I was a little girl with many fears. I wouldn’t go on escalators, or boats, and retreated to the basement every time the wind blew. As I grew up I went about the business of letting go of these fears one by one, but at the root of each issue I knew I was afraid of dying. That fear too can be shed, just like a childhood fear of natural disasters.
Let Yourself Learn’s first guest author, Greg Spero, offers a shifted perspective on death and existence:
Why I Don’t Fear Dying
By Greg Spero
Let’s call that timeframe an eon.
Well, of course it did. After all, what was that piece of energy doing before it was the molecule of the ant?
A billion rays of light from a billion stars from a billion destroyed planets from a billion ants went into each molecule that made up the ant I killed. And the energy from that ant will, and has already, become that which will spread infinitely throughout the universe for the rest of time, which will go on for eons times eons times eons, further than we can comprehend.
Many people have a fear of dying. But I don’t. Because I will never die, and neither will you. That ant was not living. Nor was he dying. He was simply existing. He was not himself, nor was he something else. He was simply the universe, incarnate in a form that we think we recognize as an individual piece, when in reality, our recognition spans a limited moment in an infinite cycle of energy.
The ant I killed is a human, in another time.
The ant I killed is me, in another time.
The ant I killed is everything, in another time.
And so is everything else.
So are you.
So am I.
We are lucky to be conscious in this moment, observing the reality around us, and existing, enjoying, emoting, loving, hating, feeling, lusting, living in the brief time between what we recognize as the existence and nonexistence of our consciousness. Yet, birth and death have nothing to do with existence and nonexistence.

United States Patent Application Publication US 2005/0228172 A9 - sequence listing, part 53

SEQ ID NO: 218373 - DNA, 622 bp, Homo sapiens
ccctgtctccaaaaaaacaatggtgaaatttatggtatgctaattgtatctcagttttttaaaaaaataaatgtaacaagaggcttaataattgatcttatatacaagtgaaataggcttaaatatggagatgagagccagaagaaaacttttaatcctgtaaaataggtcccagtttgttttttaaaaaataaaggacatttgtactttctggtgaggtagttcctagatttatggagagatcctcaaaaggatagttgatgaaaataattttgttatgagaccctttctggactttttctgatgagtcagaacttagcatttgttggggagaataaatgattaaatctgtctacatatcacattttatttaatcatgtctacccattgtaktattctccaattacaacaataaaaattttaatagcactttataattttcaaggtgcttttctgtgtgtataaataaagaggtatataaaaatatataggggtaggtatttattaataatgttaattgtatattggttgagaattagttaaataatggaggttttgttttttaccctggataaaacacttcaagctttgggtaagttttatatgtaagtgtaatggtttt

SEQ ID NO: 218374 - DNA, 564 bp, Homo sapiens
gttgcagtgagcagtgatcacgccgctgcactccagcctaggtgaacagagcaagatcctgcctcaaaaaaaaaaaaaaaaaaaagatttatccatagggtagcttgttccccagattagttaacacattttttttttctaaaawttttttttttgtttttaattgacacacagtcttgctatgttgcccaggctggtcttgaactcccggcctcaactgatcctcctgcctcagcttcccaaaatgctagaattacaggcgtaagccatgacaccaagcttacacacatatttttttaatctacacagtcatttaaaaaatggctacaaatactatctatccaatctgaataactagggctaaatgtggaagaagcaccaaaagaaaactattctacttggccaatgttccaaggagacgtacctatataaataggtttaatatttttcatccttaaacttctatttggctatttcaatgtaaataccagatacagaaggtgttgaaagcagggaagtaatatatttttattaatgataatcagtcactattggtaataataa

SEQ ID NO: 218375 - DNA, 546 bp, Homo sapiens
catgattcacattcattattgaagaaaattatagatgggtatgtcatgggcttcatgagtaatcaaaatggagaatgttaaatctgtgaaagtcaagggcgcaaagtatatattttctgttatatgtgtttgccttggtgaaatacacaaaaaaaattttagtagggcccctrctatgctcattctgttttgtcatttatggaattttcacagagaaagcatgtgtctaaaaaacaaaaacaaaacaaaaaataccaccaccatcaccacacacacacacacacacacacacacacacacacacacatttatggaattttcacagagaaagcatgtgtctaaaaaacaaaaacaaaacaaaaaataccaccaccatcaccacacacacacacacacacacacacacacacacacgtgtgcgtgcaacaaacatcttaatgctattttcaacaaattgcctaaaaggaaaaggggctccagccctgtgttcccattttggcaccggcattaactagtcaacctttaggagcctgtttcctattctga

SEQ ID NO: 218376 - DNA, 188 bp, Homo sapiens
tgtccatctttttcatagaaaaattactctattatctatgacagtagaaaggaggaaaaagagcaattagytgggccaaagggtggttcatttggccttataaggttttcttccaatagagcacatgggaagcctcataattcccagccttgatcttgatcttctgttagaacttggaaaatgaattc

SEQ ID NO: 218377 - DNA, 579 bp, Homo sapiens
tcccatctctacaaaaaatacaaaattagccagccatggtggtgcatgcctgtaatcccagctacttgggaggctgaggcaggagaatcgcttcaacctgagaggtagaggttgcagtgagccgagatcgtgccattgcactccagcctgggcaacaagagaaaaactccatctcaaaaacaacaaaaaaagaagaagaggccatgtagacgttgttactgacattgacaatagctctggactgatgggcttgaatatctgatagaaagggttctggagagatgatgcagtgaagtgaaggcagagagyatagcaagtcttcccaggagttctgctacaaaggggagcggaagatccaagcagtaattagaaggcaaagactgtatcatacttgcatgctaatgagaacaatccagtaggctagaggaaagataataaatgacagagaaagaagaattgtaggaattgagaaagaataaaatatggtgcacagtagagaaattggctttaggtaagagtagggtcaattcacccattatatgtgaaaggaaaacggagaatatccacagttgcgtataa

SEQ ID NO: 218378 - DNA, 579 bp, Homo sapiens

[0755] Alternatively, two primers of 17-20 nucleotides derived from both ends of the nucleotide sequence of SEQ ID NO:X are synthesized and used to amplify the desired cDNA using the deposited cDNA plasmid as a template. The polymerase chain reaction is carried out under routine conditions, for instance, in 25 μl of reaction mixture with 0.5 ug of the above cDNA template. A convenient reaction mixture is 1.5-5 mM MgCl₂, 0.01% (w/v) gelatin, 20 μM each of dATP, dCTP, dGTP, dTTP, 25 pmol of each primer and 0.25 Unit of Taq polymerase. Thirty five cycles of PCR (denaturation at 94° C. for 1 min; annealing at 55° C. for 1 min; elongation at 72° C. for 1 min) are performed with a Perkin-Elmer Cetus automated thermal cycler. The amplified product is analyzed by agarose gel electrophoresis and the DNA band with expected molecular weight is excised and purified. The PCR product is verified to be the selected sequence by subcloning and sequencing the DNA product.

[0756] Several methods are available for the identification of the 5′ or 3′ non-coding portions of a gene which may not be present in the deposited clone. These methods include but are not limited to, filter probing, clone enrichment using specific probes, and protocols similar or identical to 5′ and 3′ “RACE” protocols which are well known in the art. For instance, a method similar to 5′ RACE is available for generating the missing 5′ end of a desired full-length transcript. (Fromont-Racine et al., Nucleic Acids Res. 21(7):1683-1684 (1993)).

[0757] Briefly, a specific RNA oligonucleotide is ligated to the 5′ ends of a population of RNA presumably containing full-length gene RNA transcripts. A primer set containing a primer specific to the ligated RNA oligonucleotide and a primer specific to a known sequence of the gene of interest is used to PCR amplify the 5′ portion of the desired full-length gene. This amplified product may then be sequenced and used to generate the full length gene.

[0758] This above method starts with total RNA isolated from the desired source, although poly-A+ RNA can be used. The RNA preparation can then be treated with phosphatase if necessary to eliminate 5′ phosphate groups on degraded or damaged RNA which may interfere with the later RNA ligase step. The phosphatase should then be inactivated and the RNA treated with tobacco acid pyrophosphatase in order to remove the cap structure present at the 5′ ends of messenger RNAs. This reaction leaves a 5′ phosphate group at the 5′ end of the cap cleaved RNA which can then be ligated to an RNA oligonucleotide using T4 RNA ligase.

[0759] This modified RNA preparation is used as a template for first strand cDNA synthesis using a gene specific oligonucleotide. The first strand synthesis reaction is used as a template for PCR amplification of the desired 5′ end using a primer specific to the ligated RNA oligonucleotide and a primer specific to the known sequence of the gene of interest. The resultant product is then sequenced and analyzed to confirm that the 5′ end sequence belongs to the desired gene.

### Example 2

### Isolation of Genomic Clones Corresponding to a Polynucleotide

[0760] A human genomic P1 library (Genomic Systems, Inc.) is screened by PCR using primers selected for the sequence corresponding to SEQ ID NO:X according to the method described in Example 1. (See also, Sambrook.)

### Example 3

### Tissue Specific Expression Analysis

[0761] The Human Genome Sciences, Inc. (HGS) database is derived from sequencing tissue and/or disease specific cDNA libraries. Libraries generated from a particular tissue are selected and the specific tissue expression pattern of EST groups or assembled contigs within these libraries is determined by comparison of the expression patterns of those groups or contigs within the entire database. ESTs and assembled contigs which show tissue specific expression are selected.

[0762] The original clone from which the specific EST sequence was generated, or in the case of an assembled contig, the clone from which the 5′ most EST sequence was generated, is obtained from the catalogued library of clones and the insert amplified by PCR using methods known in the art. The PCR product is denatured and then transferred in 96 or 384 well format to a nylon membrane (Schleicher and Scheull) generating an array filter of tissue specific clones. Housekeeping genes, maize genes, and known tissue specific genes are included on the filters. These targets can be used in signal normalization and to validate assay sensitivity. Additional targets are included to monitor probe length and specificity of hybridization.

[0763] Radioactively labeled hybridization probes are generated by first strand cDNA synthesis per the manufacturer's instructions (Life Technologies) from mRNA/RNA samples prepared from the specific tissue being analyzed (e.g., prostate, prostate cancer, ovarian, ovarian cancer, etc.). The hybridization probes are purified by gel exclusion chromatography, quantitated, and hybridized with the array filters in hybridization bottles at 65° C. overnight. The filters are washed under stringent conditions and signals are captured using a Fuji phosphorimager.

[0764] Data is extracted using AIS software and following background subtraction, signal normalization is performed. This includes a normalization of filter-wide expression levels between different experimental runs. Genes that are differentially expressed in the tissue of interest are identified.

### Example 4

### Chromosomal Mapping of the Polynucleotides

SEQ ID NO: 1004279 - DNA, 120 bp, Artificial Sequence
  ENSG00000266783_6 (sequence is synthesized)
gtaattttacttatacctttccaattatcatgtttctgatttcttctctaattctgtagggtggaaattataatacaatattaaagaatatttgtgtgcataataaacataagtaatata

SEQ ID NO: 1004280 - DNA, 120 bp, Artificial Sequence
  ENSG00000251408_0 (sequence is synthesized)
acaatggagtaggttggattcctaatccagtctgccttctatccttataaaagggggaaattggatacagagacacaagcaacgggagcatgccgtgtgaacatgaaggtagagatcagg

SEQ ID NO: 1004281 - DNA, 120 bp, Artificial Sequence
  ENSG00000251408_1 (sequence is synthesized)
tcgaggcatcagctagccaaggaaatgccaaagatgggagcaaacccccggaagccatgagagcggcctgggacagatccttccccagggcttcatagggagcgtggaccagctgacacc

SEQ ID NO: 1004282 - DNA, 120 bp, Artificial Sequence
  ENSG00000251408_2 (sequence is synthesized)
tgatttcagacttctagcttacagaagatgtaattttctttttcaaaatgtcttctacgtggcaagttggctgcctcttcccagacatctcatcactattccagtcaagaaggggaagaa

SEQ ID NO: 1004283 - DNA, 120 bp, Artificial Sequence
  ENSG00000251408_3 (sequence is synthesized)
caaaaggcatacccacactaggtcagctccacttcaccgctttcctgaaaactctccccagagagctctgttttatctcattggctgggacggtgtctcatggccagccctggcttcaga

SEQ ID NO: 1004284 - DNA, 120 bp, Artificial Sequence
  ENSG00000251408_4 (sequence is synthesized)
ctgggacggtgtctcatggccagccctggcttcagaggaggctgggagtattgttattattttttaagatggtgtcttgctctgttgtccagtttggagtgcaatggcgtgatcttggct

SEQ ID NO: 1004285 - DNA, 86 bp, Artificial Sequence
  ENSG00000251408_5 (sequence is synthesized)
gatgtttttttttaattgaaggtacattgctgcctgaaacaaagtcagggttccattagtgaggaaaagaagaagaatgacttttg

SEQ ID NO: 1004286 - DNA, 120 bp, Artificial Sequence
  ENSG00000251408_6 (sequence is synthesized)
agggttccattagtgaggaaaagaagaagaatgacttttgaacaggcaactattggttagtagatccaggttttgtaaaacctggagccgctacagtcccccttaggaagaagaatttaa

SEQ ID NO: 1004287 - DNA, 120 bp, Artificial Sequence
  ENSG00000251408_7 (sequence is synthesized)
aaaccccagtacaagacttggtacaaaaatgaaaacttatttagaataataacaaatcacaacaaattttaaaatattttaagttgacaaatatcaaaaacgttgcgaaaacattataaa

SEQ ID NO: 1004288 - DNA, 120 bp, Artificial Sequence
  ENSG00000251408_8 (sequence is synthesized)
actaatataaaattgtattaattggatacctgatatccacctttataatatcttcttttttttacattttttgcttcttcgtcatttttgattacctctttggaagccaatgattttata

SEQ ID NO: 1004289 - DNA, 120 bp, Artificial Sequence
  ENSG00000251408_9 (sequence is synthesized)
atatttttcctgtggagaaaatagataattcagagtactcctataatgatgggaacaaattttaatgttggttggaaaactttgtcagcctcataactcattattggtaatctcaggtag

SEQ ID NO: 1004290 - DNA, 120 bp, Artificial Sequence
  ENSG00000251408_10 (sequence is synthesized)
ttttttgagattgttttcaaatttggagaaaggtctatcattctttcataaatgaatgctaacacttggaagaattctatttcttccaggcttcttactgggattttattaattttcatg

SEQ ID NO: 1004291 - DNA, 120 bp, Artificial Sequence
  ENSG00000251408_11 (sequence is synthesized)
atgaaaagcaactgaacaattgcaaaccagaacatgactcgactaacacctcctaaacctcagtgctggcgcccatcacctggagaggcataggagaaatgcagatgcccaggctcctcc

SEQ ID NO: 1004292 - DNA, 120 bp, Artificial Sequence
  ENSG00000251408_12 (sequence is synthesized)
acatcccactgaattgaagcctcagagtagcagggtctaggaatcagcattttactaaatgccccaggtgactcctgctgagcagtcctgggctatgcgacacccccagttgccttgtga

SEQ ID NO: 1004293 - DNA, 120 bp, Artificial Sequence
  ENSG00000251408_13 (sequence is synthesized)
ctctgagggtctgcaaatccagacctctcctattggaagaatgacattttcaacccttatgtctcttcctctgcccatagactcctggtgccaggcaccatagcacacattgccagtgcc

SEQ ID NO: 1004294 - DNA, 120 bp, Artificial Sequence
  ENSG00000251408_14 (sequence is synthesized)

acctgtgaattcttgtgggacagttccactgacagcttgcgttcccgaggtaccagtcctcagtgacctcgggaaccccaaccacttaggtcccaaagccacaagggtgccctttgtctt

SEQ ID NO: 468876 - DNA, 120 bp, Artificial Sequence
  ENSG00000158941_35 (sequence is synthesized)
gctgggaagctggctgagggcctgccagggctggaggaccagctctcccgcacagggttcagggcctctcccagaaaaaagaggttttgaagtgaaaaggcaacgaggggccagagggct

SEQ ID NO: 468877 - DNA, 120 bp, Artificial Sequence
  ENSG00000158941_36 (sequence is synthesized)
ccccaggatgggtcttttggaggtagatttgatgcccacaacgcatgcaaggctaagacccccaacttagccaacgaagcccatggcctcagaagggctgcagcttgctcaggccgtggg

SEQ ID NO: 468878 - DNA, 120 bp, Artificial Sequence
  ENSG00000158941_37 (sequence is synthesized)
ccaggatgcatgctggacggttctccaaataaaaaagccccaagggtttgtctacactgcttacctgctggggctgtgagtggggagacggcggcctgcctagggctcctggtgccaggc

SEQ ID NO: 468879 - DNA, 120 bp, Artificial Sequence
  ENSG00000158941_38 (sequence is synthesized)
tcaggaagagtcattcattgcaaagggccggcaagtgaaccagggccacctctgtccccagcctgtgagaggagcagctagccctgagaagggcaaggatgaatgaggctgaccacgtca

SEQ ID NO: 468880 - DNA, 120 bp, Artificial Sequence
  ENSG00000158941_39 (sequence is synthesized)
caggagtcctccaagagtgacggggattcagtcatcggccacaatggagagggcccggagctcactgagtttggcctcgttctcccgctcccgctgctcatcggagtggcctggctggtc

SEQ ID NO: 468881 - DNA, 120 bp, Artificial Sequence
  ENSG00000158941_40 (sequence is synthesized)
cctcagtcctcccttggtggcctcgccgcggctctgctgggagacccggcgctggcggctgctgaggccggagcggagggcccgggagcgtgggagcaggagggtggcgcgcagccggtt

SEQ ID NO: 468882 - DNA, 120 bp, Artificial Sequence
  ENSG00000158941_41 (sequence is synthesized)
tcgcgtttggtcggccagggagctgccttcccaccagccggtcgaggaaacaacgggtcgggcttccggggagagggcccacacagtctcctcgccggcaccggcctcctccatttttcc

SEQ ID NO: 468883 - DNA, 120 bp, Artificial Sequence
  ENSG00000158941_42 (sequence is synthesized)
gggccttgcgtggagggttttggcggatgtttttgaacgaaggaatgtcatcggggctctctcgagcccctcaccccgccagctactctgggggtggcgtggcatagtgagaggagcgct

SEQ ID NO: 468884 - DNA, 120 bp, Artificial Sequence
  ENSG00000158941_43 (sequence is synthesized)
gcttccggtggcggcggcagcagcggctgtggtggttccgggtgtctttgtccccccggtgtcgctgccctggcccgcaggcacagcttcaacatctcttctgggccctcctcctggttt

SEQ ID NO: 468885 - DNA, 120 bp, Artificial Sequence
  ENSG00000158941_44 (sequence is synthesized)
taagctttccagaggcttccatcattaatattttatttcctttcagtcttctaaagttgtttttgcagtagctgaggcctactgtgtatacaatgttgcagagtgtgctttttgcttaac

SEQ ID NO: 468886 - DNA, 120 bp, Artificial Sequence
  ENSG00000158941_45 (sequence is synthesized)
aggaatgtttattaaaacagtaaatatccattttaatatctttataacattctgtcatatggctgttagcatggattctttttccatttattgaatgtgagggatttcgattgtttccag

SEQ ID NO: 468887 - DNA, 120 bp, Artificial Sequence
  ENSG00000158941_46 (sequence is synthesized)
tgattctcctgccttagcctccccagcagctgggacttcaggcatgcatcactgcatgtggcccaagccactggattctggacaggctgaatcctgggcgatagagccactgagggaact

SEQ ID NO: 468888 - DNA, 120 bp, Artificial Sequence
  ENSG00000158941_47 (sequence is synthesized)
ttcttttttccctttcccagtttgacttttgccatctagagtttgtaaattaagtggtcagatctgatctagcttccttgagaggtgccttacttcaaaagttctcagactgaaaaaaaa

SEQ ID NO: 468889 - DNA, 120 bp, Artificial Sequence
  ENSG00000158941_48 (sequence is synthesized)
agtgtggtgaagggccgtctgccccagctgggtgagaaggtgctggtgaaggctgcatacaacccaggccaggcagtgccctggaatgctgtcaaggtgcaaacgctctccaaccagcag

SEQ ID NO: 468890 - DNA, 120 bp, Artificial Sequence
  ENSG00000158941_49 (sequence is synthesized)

Birth and death are a brief passing place that we recognize because outside of those boundaries we can’t interact with our immediate surroundings in the way to which we are accustomed in this life.
What happened with the ant’s body could very well happen with something deeper than the body; an energy that exists that we can’t pinpoint, from which some draw the idea of God, and some draw the idea of Buddha nature. Another energy, other than what we see physically, that will also be recycled infinitely throughout existence.
Or maybe that energy is the same as the energy that makes up the molecules of the ant I killed.
Maybe it’s all the same.
Maybe the infinite expansion of time before and after this moment allows for every piece of energy in the universe to exist as every incarnation of every possible thing and being in all the universe, including what we see, our family, friends, the bed on which I sit, the other ants scattered about the outside of my house, the solar system, and the universe. Maybe my consciousness is actually just a small piece of the universe as it infinitely reincarnates in every possible formation and has infinitely reincarnated in every possible formation for all of time.
The ant I killed is not a self. It is the universe.
And so am I.
And so are you.
I don’t worry about dying. Because I am not alive. I simply am, and will be for the rest of time.